REVIEW: “The Peanuts Movie”


My favorite animated neurotic blockhead Charlie Brown and all of his friends returned in “The Peanuts Movie”, an adorable film so charming in its dedicated storytelling and its visual style. But what to make of its appeal? Will it be a warm nostalgic trip down memory lane for parents or a fun introduction for a new age of young fans? Better yet, how about both?

The film is based on the classic Peanuts comic strip from Charles Schulz which ran for 50 years and continues today in syndication. Schulz produced just under 18,000 strips, several books, and television specials. Under its layer of light-hearted humor the Peanuts subtly explored a variety of issues but always from a children’s perspective. The strip was a window into their world which made it all the more appealing.


Steve Martino directs a script co-written by Bryan and Craig Schulz (Charles’ son and grandson). Their involvement undoubtedly contributes to one of the film’s greatest strengths – its faithfulness to the original vision for the Peanuts. The movie feels every bit in tune with the television specials. It avoids any urge to modernize the formula (which some saw as a dissapointment) and captures the same idyllic charms that made these characters so endearing.

The movie’s story is segmented in a way that channels the comic-strip vibe. The focus is on Charlie Brown and his every-present struggle with cynicism, self-worth and general bad luck. When the little red-haired girl moves into the neighborhood Charlie Brown is instantly smitten and instantly convinced she’ll never talk to him. But a number of opportunities arise which gives him a chance to impress her. Spurred on by advice from his friends (some good, some not so much) Charlie Brown sets out to establish himself as worthy of her attention. But is he looking in the right places?

Sprinkled in are tons of nostalgic snippets that will bring smiles to the faces of Peanuts fans – Charlie Brown’s kite-flying escapades, Lucy’s 5¢ Psychiatric Advice, Peppermint Patty’s classroom dozing, Frieda’s naturally curly hair, Sally’s bubbly crush on Linus, and so on. They are all here and playfully incorporated into the story. Of these the most time is given to Snoopy and his Red Baron tales. It’s a full-fledged side story that is given a fairly big hunk of the running time (I would say a bit too much). The Red Baron stuff was fine but felt more like its own separate thing.


I was a bit skeptical on the idea of 3D computer-animated Peanuts feature. 20th Century Fox teamed with Blue Sky Studios (known for their animated work on “Rio” and “Ice Age”) and clearly their goal was was to stay loyal to the material. The CGI is sharp, simple, and most importantly uniquely Peanuts. So many clever touches highlight the film’s roots while giving it a lovely modern day coat of paint.

You could say “The Peanuts Movie” clings to an almost-forgotten vision of childhood. It’s sad to think of that way, but you can’t help but wonder. For that reason alone the Peanuts are a precious commodity to be cherished. This film keeps their creator’s ideals at the forefront. For Schulz, children were precious and his strips offered kids and adults alike a look at life solely from their perspective. This film does it too and to great effect. Just maybe a tad less Red Baron next time.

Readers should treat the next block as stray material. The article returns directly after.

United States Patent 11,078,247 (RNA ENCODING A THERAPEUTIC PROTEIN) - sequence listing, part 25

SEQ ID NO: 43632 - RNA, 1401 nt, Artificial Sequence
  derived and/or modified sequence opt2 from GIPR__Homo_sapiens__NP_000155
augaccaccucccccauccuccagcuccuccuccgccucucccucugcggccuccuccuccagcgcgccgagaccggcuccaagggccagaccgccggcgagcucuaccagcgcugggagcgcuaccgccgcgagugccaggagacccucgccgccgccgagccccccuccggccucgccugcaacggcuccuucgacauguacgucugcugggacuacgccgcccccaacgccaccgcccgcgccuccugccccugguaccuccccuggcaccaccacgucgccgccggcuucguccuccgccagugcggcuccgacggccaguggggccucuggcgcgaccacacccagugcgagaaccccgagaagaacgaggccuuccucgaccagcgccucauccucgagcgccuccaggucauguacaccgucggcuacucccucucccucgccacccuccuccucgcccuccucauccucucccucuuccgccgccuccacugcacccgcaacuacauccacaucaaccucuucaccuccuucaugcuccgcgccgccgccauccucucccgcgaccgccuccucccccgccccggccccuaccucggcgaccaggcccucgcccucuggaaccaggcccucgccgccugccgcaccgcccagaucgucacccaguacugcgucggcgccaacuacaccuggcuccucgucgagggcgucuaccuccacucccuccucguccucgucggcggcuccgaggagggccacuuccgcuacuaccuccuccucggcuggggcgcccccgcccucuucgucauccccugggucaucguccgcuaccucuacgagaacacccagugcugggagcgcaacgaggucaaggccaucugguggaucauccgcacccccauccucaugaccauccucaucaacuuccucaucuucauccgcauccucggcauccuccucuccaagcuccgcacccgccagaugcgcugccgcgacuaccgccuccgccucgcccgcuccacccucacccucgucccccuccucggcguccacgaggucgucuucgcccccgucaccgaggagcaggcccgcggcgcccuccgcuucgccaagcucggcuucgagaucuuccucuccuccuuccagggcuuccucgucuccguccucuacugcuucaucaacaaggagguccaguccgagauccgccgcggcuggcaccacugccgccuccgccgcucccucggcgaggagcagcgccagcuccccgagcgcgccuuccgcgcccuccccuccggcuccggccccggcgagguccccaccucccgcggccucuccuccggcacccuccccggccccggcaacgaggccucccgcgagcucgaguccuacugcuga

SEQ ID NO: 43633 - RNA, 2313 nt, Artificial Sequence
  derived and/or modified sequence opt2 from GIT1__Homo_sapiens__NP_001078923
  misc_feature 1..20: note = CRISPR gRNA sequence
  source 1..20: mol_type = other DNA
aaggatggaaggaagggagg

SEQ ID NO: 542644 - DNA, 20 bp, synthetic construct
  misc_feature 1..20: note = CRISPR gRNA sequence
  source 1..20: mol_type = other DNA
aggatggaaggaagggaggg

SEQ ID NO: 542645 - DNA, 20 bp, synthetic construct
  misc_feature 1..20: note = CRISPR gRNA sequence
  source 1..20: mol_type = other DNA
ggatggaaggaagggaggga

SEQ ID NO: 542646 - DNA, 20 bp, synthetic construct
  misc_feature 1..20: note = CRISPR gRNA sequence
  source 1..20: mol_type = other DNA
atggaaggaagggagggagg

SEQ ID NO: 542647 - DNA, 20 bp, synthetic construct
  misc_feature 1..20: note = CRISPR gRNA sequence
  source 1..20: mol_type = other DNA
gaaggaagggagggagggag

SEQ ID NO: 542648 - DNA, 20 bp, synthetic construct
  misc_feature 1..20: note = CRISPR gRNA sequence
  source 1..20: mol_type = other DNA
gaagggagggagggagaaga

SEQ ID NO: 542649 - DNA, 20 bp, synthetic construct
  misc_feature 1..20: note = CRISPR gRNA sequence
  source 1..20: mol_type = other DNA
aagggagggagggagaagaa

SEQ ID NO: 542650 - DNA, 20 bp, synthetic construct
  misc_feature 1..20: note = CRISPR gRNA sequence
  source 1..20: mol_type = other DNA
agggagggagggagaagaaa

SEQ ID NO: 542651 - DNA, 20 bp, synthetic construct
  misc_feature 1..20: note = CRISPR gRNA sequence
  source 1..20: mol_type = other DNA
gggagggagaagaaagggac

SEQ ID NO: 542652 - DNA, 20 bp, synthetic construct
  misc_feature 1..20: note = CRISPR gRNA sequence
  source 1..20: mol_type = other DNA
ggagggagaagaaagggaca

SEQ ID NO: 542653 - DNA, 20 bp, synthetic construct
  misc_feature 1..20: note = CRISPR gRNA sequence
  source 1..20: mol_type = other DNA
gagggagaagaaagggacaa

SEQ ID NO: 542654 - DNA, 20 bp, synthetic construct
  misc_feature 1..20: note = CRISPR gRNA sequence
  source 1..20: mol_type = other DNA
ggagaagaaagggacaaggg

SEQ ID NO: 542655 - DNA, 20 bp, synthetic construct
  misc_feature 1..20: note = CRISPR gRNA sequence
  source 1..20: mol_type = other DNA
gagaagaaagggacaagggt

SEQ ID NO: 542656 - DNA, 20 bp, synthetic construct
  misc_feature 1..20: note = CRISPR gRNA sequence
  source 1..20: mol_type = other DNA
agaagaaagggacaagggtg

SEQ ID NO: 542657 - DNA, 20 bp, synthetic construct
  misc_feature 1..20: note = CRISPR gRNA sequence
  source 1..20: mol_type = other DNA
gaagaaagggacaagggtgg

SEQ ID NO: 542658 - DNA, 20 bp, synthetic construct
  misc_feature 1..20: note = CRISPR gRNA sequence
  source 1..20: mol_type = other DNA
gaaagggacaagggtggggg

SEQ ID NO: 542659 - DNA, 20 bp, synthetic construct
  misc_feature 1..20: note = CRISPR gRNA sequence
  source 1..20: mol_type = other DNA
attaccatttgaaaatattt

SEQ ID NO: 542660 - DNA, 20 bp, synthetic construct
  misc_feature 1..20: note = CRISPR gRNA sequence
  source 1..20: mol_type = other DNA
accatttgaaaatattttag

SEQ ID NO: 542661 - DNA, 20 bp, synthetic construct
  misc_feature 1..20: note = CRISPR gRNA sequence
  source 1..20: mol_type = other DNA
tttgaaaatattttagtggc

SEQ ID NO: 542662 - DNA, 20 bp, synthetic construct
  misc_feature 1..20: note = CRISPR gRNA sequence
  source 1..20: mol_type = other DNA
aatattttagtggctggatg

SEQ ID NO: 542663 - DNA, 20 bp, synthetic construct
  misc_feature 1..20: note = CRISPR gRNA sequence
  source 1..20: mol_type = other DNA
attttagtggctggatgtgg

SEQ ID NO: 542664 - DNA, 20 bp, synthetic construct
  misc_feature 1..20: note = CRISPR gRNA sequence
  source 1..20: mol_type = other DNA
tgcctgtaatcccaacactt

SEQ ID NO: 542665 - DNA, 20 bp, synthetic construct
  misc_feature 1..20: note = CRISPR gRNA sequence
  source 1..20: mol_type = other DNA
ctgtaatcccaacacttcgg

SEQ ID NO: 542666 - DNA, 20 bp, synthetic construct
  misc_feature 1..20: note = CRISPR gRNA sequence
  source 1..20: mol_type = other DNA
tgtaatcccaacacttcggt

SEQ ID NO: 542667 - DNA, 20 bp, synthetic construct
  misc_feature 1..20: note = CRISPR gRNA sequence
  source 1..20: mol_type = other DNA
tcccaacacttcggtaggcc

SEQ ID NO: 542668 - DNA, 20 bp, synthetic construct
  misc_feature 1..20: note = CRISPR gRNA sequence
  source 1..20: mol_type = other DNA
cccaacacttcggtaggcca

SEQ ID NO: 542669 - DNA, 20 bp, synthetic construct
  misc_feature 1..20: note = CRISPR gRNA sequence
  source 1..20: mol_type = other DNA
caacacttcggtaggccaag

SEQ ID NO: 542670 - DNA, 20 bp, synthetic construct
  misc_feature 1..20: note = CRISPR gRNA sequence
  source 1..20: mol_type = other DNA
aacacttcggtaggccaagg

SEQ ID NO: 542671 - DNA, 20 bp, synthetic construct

4 Stars

REVIEW: “Paris is Us” (2019)


There are several things about the Elisabeth Vogler’s “Paris is Us” you simply can’t help but admire. Look no further than its production. Vogler shot her film over the course of three years and on a shoestring budget. Post-production was covered through a Kickstarter campaign that raised over $100,000. And to top it all off the film was picked up by streaming behemoth Netflix. That’s an encouraging story for any aspiring filmmaker.

Vogler not only directed and co-wrote “Paris is Us” but she also handled the cinematography which proves to be what the movie leans on the most. There are moments where it dazzles, bringing thoughts of a trippier “Tree of Life”. But it can also frustrate in how it sometimes muddies our ability to interpret any kind of deeper meaning. I’m also a bit conflicted on how Vogler shoots real-life city tragedies to use in the movie. More on that later.


The film works off of a paper-thin narrative (which is funny considering there are four writing credits). Noemie Schmidt plays a lively twenty-something named Ana who lives her life fully in the moment. Her lack of ambition frustrates her boyfriend Greg (Grégoire Isvarine) who has a detailed roadmap for his life plans. It includes leaving Paris and taking a job promotion in Barcelona. He wants Ana to go with him but she is content waiting tables in Paris.

Storywise that’s pretty much the gist of it. Greg takes off on a plane for Barcelona. At the last second Ana backs out of taking a plane to join him. There is a plane crash. Is it the plane carrying Greg making this a film on grief and loss? Is it the one Ana almost boarded turning this into a study of mortality? Is it either? I lean one way but be honest I’m still not sure. I like to think the answer is there and I have yet to tap into it. But I’m not sure if the movie has enough depth to earn that reading.


One thing is for sure, Vogler definitely wants to tinker with reality or at least our perception of it. Her film constantly has the audience questioning what is real and what isn’t. This is seen mainly through the imagery which can be beautiful and hypnotic while at other times dizzying and disorienting. And then there are the sequences shot during real-life Paris tragedies. I admit to feeling a little uneasy with how Vogler shoots her movie in the middle of these emotionally-charged moments while also seeing it as pretty bold and daring. All of it is accompanied by a heavy dose of voice-over from Ana. Some of it is essential to understanding the character and it harmonizes well with Schmidt’s melancholy. But some of it is far more lightweight than it’s trying to be.